A word of clarification for those of you who may have seen my recent interview on a local television station: at one point I am shown stating, "... there is pretty overwhelming evidence that, if there is an effect, it is extremely small." My statement was meant to refer to the carcinogenic effect of powerlines, not cell phones. The research regarding cell phones and cancer is at a less mature stage, and I am not qualified to provide expert opinions on this issue.
I agreed to the interview, not to address medical issues, but rather to discuss how the cellular telephone system works, what kind of radiation cell phones produce, and how such radiation interacts with tissue (heating). The full interview from which the aired excerpts were taken concentrated on these issues.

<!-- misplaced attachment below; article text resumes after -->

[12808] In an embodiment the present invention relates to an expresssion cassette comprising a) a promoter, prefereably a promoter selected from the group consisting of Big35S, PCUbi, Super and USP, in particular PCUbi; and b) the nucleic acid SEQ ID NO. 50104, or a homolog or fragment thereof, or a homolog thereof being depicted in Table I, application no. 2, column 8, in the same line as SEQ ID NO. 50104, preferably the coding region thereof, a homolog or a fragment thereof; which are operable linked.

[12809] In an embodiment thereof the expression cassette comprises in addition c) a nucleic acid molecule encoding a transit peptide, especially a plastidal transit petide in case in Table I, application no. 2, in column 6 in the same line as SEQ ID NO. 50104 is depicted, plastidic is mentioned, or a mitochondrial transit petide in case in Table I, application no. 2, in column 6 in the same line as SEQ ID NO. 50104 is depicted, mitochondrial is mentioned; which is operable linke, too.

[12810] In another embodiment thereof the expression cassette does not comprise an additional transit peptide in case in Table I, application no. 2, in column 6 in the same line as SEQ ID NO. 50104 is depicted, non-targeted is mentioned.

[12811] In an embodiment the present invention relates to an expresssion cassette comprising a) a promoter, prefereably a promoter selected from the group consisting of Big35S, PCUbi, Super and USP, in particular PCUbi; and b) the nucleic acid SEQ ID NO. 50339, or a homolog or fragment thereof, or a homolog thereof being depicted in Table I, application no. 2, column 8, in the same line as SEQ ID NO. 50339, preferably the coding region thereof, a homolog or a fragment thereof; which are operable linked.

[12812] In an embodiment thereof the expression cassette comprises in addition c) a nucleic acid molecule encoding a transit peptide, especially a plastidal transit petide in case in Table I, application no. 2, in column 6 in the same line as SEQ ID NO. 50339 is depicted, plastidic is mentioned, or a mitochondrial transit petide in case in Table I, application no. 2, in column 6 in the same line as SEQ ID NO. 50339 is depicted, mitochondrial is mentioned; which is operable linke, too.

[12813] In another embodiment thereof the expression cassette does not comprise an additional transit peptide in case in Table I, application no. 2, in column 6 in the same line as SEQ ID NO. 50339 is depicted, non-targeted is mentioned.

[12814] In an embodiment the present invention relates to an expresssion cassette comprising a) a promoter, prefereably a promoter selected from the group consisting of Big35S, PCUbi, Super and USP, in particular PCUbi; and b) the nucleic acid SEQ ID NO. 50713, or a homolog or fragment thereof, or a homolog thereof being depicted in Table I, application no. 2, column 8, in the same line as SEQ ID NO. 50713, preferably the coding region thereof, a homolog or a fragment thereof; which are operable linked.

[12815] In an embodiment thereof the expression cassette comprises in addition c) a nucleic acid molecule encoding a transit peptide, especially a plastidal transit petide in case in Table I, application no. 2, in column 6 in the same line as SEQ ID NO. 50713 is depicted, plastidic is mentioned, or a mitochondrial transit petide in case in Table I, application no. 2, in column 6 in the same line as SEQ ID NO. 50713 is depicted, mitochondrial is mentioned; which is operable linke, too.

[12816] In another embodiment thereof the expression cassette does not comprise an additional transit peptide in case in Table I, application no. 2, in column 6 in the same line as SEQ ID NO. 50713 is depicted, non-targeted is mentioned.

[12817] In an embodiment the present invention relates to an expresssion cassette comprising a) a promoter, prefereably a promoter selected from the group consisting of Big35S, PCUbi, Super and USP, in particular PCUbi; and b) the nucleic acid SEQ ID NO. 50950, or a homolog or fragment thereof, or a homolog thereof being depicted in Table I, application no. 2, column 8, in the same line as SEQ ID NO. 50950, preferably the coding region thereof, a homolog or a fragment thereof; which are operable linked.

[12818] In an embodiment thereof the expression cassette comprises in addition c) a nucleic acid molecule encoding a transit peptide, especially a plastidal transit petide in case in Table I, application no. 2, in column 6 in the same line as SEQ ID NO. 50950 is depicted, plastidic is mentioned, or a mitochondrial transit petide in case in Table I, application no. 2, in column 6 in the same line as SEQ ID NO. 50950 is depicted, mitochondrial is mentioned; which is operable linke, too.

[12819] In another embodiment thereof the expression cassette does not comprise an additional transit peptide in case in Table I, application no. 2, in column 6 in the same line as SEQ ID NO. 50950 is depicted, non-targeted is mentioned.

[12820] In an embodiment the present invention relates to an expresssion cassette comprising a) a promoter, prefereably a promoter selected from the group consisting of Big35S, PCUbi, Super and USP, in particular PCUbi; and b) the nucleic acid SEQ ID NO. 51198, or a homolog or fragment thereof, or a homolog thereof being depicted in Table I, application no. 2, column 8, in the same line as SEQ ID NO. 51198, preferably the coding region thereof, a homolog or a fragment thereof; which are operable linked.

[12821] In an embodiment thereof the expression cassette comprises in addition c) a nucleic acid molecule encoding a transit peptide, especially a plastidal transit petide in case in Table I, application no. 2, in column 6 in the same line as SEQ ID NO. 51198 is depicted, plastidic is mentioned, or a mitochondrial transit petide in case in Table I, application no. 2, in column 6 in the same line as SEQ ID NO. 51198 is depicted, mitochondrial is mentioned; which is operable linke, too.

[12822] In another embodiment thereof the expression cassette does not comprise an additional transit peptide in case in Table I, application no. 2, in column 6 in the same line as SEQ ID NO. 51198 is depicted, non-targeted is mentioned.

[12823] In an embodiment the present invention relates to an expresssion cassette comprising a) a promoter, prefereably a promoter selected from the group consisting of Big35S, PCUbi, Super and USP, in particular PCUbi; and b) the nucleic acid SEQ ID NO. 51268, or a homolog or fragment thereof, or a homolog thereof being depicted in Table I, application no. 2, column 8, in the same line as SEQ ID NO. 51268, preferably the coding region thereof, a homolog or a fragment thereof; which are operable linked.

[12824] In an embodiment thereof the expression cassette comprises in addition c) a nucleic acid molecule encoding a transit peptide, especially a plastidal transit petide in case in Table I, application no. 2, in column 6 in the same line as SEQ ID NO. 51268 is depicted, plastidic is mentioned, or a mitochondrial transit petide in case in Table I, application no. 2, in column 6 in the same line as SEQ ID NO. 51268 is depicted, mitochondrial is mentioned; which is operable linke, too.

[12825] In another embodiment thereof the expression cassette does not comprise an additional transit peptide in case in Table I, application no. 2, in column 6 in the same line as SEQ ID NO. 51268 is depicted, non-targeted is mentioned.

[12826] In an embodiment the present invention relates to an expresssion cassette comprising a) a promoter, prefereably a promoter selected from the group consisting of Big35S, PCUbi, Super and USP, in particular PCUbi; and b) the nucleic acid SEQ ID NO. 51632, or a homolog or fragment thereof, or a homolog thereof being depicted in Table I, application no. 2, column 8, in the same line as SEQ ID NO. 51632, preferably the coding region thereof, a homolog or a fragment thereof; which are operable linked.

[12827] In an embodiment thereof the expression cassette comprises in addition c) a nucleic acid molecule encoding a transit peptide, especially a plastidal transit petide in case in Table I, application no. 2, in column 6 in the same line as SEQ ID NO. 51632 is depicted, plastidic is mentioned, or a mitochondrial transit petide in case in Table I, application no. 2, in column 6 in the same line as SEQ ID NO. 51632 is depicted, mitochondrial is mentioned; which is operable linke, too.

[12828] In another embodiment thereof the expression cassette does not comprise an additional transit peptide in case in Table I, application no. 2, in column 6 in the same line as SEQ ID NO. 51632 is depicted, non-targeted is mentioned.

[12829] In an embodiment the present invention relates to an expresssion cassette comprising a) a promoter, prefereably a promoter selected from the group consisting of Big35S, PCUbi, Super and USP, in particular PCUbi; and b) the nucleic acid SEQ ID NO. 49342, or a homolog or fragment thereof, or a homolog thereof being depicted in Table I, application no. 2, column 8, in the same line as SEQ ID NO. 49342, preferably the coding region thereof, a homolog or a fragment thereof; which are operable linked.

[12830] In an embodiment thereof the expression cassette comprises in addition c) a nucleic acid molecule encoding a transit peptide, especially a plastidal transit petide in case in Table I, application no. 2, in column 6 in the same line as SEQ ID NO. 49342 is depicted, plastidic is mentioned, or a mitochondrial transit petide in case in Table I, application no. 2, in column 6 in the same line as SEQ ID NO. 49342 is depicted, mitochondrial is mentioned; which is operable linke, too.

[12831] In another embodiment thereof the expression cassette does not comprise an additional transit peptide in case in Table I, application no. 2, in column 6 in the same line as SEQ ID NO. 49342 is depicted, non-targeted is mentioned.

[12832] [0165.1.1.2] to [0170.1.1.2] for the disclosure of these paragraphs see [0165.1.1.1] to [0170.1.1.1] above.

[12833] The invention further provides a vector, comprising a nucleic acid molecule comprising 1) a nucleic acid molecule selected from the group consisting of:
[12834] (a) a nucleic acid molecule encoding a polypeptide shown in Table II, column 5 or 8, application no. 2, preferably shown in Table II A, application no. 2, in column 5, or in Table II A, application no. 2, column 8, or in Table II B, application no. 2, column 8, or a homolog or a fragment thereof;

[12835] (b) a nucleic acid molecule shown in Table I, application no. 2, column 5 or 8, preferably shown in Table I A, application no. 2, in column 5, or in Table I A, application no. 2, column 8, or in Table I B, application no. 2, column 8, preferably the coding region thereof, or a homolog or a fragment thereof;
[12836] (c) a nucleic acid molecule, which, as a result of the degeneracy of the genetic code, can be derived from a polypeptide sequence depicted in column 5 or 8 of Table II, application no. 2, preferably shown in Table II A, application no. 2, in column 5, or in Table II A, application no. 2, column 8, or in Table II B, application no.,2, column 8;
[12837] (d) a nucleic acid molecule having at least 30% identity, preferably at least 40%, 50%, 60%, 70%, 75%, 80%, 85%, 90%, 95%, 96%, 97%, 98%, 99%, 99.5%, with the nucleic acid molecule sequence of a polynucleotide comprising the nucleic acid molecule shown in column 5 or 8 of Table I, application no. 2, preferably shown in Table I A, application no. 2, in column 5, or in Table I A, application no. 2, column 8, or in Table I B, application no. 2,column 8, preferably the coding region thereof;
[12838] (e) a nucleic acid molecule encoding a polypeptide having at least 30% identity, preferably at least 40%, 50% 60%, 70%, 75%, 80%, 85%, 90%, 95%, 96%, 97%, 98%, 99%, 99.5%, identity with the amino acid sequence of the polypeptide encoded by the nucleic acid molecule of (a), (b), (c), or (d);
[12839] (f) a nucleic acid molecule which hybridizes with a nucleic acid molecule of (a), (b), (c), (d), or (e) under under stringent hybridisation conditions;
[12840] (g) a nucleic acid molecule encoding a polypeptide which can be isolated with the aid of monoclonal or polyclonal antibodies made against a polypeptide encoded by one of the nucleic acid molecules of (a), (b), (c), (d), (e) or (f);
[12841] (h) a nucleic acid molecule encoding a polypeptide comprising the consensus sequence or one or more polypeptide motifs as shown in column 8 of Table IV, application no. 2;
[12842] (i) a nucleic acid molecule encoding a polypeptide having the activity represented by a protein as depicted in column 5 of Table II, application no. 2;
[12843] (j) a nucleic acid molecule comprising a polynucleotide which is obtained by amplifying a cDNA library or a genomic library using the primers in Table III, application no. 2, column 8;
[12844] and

If you are concerned about risks from cell phone transmissions, you may reduce your exposure to the electromagnetic radiation from cell phones considerably by increasing the distance between the antenna and your body. You may use an external microphone and speaker, or you may use an external antenna, perhaps mounted on the car roof. The ABS 20/20 report on cell phones and brain cancer referenced below indicated that holding the cell phone close to the face results in lower power at the brain than if the phone is held more vertically with the antenna closer to the head. Also be aware that the closer you are to a cellular tower, the lower the power output of your own cell phone, and the lower your exposure. Towers are much more closely spaced in areas of high population density, so you may expect less exposure in cities than in rural areas where towers are more sparsely placed.
You may find references below that address these issues.